Native Union Moshi Moshi 04i review
Native Union’s Moshi Moshi 04i is an unusual beast. Not only is it a Bluetooth speakerphone, but it also doubles as a stereo desktop speaker dock and charger for your iPhone or iPod. If you detach the speaker unit from the base when a call comes in, you can also use it to answer calls like a traditional telephone handset.
Physically, it looks fantastic. The handset-cum-speaker unit sports a fashionable honeycomb pattern finished in glittery, anodised aluminium, and the rest of the chassis is coated in high-quality plastics that feel lovely to the touch. Native Union’s aim with this product is to colonise the desks of high-flying executives, and it’s certainly got the design chutzpah to do that.
The big question is, does it work as well as its looks suggest? It’s certainly easy to use. Push in at the front of the device, and a docking tray springs out. Plonk your iPhone or iPod into the bay, pair it over Bluetooth and you’re ready to go. It’s flexible too. While in the dock, the Moshi Moshi 04i will charge your iPod or iPhone and, if you use the USB socket at the rear to hook it up to your PC, allow you to synchronise its contents.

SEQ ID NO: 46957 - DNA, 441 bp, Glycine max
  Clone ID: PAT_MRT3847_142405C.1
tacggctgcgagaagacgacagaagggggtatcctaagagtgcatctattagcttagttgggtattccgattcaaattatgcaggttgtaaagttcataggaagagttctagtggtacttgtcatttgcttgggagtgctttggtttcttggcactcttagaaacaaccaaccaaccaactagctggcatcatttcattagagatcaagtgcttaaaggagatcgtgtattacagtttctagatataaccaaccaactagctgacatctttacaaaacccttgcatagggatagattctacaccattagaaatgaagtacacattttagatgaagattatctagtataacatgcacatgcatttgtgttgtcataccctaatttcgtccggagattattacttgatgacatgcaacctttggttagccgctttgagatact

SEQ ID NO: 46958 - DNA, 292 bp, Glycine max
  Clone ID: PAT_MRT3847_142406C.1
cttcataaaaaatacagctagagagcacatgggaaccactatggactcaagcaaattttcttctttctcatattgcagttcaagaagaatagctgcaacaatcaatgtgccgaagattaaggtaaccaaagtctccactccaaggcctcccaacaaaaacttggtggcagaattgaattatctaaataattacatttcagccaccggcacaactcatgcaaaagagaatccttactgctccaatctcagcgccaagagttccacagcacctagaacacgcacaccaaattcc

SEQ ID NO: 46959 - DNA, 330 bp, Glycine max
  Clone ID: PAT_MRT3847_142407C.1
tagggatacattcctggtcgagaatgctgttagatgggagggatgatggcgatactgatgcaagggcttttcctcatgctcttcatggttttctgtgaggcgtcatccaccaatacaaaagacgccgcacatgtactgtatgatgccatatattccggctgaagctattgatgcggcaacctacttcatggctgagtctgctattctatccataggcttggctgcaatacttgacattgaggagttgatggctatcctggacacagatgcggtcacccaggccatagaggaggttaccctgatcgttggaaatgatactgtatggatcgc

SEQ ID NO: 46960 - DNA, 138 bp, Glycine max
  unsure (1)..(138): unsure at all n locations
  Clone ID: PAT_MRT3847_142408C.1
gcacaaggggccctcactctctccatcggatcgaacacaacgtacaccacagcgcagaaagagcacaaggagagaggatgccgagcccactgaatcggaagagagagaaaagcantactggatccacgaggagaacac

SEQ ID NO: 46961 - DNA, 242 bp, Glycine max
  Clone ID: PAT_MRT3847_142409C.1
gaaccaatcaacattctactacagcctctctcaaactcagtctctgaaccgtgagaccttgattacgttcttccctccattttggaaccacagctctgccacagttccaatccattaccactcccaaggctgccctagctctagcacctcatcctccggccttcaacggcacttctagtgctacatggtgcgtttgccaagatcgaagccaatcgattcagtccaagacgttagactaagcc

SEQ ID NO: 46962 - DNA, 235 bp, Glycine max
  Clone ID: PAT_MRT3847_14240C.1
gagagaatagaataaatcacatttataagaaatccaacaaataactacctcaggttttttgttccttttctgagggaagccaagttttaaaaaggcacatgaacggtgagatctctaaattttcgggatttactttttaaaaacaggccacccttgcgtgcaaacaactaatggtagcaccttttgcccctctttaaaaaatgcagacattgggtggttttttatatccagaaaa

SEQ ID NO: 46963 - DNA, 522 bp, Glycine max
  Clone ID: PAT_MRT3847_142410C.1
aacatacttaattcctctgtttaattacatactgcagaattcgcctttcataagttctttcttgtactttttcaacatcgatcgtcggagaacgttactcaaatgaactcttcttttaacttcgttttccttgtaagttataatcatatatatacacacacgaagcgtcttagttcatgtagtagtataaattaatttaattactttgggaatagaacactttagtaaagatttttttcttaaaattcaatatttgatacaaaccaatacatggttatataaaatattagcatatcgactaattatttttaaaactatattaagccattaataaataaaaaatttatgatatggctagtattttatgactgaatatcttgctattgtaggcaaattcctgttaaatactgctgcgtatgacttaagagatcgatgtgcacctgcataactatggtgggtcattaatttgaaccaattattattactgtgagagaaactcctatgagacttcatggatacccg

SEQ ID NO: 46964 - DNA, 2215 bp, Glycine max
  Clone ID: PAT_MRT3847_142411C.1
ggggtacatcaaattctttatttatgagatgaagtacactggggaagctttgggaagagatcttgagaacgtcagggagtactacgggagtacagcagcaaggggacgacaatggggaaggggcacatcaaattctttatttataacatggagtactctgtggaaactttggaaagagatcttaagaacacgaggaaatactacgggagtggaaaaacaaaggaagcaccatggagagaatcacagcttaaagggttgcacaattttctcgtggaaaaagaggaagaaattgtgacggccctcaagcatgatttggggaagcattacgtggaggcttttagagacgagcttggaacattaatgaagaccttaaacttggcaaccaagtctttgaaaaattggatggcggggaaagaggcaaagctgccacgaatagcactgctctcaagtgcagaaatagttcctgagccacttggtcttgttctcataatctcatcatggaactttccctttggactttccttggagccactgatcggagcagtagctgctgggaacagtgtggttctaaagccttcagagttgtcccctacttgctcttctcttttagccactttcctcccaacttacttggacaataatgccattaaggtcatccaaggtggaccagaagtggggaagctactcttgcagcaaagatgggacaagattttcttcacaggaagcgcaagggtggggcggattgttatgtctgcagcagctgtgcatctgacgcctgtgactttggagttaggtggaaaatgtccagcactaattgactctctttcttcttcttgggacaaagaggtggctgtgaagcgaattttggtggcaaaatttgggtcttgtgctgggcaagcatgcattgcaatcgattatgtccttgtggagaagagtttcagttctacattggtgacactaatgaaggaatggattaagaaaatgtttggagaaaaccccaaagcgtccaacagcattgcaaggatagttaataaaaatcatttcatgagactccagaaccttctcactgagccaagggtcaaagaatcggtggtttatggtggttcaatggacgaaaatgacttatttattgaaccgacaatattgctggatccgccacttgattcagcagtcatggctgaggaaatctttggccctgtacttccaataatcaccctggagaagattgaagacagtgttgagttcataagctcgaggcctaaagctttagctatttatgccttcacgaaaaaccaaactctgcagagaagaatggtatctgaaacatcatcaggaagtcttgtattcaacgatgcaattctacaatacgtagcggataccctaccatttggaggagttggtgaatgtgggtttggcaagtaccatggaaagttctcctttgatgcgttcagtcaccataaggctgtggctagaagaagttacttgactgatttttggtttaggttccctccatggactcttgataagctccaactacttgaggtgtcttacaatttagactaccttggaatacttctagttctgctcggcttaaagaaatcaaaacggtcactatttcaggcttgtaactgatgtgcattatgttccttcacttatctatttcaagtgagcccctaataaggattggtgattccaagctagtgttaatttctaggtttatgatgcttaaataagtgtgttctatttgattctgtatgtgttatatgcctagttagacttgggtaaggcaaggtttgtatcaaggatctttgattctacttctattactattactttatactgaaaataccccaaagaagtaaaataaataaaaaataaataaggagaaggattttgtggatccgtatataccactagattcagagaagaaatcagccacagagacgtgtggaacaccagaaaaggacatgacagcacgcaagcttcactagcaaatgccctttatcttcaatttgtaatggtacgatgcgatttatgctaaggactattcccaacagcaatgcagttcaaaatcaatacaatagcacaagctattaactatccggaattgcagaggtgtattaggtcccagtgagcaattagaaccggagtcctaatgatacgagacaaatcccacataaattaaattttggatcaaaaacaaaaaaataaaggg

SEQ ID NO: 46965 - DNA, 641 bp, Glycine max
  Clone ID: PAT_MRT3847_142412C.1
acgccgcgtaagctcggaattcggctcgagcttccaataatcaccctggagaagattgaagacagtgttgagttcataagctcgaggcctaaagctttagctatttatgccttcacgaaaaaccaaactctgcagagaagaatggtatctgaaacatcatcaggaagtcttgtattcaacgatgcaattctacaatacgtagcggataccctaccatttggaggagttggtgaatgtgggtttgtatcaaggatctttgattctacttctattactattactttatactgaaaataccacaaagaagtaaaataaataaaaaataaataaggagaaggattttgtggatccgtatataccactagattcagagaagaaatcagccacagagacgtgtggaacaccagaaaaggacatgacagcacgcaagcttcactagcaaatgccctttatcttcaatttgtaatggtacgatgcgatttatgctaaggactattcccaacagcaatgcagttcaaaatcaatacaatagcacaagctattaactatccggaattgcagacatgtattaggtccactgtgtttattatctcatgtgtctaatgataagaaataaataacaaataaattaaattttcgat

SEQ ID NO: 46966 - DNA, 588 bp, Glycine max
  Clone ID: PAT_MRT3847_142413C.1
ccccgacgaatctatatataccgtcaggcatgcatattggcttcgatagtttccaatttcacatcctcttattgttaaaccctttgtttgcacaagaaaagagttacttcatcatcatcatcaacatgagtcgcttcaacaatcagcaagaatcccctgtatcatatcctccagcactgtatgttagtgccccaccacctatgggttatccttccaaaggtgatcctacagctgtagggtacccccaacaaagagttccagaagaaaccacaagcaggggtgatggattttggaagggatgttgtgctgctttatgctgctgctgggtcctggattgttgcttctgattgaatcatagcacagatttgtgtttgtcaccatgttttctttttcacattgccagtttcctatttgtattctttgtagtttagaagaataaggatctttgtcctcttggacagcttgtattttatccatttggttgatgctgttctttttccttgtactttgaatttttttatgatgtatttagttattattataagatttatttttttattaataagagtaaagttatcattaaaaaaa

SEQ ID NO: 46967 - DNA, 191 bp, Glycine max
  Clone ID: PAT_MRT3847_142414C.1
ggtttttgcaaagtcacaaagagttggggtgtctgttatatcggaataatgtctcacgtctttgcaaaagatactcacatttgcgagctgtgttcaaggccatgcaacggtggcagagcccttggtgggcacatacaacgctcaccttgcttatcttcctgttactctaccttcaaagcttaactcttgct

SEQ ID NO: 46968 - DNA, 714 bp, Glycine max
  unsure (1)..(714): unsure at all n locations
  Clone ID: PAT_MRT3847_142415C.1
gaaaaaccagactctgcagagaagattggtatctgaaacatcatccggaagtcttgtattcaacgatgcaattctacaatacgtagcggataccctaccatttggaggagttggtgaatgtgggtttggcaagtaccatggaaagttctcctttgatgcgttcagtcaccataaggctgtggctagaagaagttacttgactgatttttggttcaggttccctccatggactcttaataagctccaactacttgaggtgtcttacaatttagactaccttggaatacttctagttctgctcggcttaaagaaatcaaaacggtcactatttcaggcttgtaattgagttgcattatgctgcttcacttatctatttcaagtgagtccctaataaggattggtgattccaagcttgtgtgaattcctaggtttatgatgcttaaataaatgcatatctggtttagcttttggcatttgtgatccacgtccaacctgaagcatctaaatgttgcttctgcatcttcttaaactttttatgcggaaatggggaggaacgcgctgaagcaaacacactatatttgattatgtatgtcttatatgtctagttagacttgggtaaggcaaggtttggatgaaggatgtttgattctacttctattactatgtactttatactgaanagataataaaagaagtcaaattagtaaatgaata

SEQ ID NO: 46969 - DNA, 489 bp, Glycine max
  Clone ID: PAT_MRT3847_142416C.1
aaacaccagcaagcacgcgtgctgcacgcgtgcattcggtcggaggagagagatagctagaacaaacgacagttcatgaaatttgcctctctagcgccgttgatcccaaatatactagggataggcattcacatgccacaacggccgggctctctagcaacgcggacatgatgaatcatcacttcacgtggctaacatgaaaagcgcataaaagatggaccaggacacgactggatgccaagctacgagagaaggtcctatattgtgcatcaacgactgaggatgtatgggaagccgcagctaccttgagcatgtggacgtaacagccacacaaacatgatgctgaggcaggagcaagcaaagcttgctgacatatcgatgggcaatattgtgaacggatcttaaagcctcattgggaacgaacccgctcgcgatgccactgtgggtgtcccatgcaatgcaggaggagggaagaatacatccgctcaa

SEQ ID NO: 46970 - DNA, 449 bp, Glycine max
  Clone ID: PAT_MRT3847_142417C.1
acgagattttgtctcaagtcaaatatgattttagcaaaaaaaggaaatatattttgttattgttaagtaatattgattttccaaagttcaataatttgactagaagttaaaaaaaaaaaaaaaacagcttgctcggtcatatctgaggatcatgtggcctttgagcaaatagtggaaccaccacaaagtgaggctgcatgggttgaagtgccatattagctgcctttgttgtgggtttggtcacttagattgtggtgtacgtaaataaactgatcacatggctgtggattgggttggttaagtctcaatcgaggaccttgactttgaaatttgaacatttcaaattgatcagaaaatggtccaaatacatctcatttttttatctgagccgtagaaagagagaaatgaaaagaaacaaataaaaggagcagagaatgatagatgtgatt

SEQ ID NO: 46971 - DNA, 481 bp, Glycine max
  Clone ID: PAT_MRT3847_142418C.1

A 3.5mm input, meanwhile, lets you connect auxiliary sources such as a non-Apple MP3 player. Finally, Bluetooth 2.1 multipoint technology allows you to keep two devices paired and connected simultaneously. You could, potentially, use it to make cellular calls via your iPhone (or other smartphone) and receive Skype calls on your computer.
As far as audio quality is concerned, it does half of its job well. Voice calls boast impressive clarity and volume, whether you’re using it hands free, or holding the handset to your ear. Alas, when it comes to the other half – music playback – the Moshi Moshi 04 disappoints. Vocals are clearly audible, as you might expect, but there’s a serious lack of balance, with no clear treble and non-existent bass. We wouldn’t use this on any more than a casual basis to listen to music.
It looks fabulous, and its voice facilities work well, which may be enough to sway those for whom image means everything. With such a high price tag, however, we’d expect better music playback, and this seriously undermines its attraction.